William & Mary's track and field women fight to reinstate the men's team
In an act of both solidarity and protest, the College of William & Mary women's track and field team is boycotting the season until the recently cut men's team is reinstated.
The state of play: W&M is hardly the first school to make pandemic-related cuts, but this time, the 26 women on the team took what they've learned at the school and used it to fight back.
The backdrop: W&M cut seven athletic programs in September — four men's, three women's. But after it was threatened with a Title IX lawsuit, it reinstated the women's gymnastics, swimming and volleyball teams.
- Teams that remain cut: Men's gymnastics, swimming and both indoor and outdoor track & field.
- Samantha Huge, the school's athletic director at the time, was ousted amid the backlash against both her decision and how it was communicated, which included plagiarism of Stanford's similar announcement back in July.
- Worth noting: Men's cross country avoided the axe in part because they've won 20 straight conference championships.
Between the lines: Title IX promises equitable, not equal, treatment on the basis of sex. A school's athletic makeup needn't be a 50-50 split, but rather reflect the student population as a whole.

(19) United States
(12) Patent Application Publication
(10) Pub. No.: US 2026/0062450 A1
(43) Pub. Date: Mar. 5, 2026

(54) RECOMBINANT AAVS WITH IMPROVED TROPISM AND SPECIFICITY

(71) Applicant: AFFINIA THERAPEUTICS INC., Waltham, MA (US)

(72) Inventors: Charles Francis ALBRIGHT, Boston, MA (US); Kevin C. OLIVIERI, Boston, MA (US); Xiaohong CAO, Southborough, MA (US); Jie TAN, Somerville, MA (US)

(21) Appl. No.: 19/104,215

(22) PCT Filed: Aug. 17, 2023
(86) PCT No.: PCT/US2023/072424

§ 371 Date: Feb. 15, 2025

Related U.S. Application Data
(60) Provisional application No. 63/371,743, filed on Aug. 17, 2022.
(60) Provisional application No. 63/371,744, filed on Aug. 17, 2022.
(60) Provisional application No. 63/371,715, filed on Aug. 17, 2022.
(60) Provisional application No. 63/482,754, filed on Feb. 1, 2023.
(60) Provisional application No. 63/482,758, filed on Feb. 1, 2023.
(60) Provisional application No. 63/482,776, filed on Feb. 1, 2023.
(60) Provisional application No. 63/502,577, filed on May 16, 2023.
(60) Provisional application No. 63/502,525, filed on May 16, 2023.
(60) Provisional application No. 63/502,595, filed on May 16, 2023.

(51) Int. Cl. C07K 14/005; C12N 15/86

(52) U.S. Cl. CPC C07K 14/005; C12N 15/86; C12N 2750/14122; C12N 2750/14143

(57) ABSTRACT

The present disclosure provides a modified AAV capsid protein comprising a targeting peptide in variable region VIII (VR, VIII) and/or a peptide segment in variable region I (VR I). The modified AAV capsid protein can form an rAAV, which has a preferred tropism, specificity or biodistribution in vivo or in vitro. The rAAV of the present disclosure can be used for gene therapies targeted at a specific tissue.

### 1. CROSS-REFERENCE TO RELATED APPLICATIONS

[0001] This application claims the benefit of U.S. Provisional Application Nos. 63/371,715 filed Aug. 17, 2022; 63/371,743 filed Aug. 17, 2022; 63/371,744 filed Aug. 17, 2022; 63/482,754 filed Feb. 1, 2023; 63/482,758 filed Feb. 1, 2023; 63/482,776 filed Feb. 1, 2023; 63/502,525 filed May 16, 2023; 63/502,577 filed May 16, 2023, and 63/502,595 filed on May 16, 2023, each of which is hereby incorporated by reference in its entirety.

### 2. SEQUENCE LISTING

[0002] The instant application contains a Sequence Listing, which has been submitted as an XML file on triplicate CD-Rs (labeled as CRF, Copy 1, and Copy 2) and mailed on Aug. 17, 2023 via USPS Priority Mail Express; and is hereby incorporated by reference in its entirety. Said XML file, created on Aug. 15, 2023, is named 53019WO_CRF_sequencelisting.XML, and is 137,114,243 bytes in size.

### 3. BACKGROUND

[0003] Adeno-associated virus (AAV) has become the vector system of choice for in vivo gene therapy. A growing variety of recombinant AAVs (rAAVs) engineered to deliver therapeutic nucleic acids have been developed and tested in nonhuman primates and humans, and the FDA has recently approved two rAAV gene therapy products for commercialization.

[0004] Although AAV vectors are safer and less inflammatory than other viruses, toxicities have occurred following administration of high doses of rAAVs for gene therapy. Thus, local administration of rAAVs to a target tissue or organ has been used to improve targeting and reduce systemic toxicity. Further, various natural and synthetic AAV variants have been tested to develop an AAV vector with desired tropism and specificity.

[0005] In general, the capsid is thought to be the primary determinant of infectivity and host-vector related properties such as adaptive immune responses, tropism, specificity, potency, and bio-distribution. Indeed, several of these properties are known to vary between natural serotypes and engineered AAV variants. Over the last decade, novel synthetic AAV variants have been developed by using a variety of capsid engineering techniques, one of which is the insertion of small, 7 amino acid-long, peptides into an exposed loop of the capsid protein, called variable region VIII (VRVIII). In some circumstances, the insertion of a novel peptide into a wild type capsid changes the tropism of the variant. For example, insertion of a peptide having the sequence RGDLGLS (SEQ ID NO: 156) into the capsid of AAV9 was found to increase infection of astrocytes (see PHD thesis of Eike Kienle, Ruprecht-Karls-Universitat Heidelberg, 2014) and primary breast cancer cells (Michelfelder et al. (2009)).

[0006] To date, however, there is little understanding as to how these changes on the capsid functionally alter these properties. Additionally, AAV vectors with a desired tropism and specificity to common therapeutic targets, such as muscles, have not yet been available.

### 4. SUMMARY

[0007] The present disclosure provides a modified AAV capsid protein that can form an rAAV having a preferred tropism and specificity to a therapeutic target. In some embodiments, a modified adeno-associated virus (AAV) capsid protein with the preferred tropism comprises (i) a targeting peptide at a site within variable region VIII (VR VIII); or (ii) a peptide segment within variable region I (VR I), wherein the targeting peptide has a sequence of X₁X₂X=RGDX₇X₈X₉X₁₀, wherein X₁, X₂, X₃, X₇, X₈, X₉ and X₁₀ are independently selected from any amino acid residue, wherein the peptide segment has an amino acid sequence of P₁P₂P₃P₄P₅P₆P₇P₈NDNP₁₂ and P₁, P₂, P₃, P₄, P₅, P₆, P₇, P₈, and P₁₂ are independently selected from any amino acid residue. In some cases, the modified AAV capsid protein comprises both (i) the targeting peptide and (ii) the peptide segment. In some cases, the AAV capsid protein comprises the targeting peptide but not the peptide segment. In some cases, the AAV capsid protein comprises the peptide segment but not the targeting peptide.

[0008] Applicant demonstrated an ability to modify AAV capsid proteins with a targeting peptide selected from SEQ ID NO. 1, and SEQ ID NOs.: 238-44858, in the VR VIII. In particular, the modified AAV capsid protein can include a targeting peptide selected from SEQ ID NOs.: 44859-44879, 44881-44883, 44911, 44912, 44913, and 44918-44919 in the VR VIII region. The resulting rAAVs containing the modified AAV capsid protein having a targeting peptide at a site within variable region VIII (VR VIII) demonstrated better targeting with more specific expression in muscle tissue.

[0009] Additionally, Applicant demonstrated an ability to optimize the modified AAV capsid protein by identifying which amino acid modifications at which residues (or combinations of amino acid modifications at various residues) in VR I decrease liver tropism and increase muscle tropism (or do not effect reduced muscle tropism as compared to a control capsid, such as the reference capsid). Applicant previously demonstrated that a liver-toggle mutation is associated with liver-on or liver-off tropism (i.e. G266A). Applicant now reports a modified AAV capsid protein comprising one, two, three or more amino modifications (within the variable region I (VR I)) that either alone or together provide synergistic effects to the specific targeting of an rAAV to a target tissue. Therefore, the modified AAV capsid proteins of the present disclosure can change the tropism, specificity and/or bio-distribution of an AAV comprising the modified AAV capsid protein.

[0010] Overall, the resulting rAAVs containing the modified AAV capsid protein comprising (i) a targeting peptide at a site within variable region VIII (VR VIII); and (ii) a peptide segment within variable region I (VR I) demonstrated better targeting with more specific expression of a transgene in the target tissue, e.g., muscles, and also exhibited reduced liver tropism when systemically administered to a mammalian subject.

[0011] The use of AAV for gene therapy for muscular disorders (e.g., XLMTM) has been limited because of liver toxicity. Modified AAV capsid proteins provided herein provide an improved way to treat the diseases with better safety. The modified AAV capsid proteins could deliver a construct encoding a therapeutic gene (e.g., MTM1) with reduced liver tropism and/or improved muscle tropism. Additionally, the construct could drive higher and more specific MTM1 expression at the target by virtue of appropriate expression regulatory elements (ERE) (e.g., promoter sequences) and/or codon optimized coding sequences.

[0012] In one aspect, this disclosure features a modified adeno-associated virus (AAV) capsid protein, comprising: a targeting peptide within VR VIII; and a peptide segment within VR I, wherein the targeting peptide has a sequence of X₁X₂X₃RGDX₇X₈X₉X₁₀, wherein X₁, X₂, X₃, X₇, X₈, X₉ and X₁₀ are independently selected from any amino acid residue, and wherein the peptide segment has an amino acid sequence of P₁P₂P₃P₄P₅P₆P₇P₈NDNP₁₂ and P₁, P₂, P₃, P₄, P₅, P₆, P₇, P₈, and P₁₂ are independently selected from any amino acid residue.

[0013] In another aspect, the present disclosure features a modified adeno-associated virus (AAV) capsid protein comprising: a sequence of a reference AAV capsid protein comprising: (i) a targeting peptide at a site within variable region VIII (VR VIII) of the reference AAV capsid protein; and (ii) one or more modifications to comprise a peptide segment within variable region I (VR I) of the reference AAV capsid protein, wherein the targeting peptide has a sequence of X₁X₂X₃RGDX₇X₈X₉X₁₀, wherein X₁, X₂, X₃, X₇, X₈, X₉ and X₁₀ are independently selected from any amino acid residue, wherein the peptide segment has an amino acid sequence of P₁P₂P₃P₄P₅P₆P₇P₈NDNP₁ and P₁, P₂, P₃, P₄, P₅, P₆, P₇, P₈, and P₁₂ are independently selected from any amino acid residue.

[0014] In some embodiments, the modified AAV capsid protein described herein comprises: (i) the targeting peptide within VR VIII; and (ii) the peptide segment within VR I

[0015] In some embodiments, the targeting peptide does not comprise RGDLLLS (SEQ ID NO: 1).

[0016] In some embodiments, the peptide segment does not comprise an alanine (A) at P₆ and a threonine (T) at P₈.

- W&M is nearly 60% women, so Title IX compliance means the athletic department must look the same.
- Women runners are thus particularly valuable, as one person can count for as many as three tallies (cross country, indoor and outdoor track). That means a single distance runner offsets three, say, football players.
What they're saying: When the women's teams were reinstated, interim AD Jeremy Martin made them feel like pawns, not athletes, distance runner Lauren Finikiotis tells Axios.
- "He never said, 'We value your sport — what you can do in the pool, on the court, on the track.' He just said we need you here to be Title IX compliant."
- "If you want us to be confident and go out into society and represent William & Mary, how am I supposed to do that if this school makes it clear I'm only here so that a man can play a sport?"
- "Taking opportunities away from men to achieve gender equity is missing the point. If there's a compliance issue, they should give opportunities to women instead of taking them away from their male counterparts."
The bottom line: Finikiotis and her teammates love their school, so they're fighting for it to better represent how they've seen it all along.
- "As William & Mary students," she said, "this is what we're encouraged to do; this is what we're taught to do." Seems like a job well done.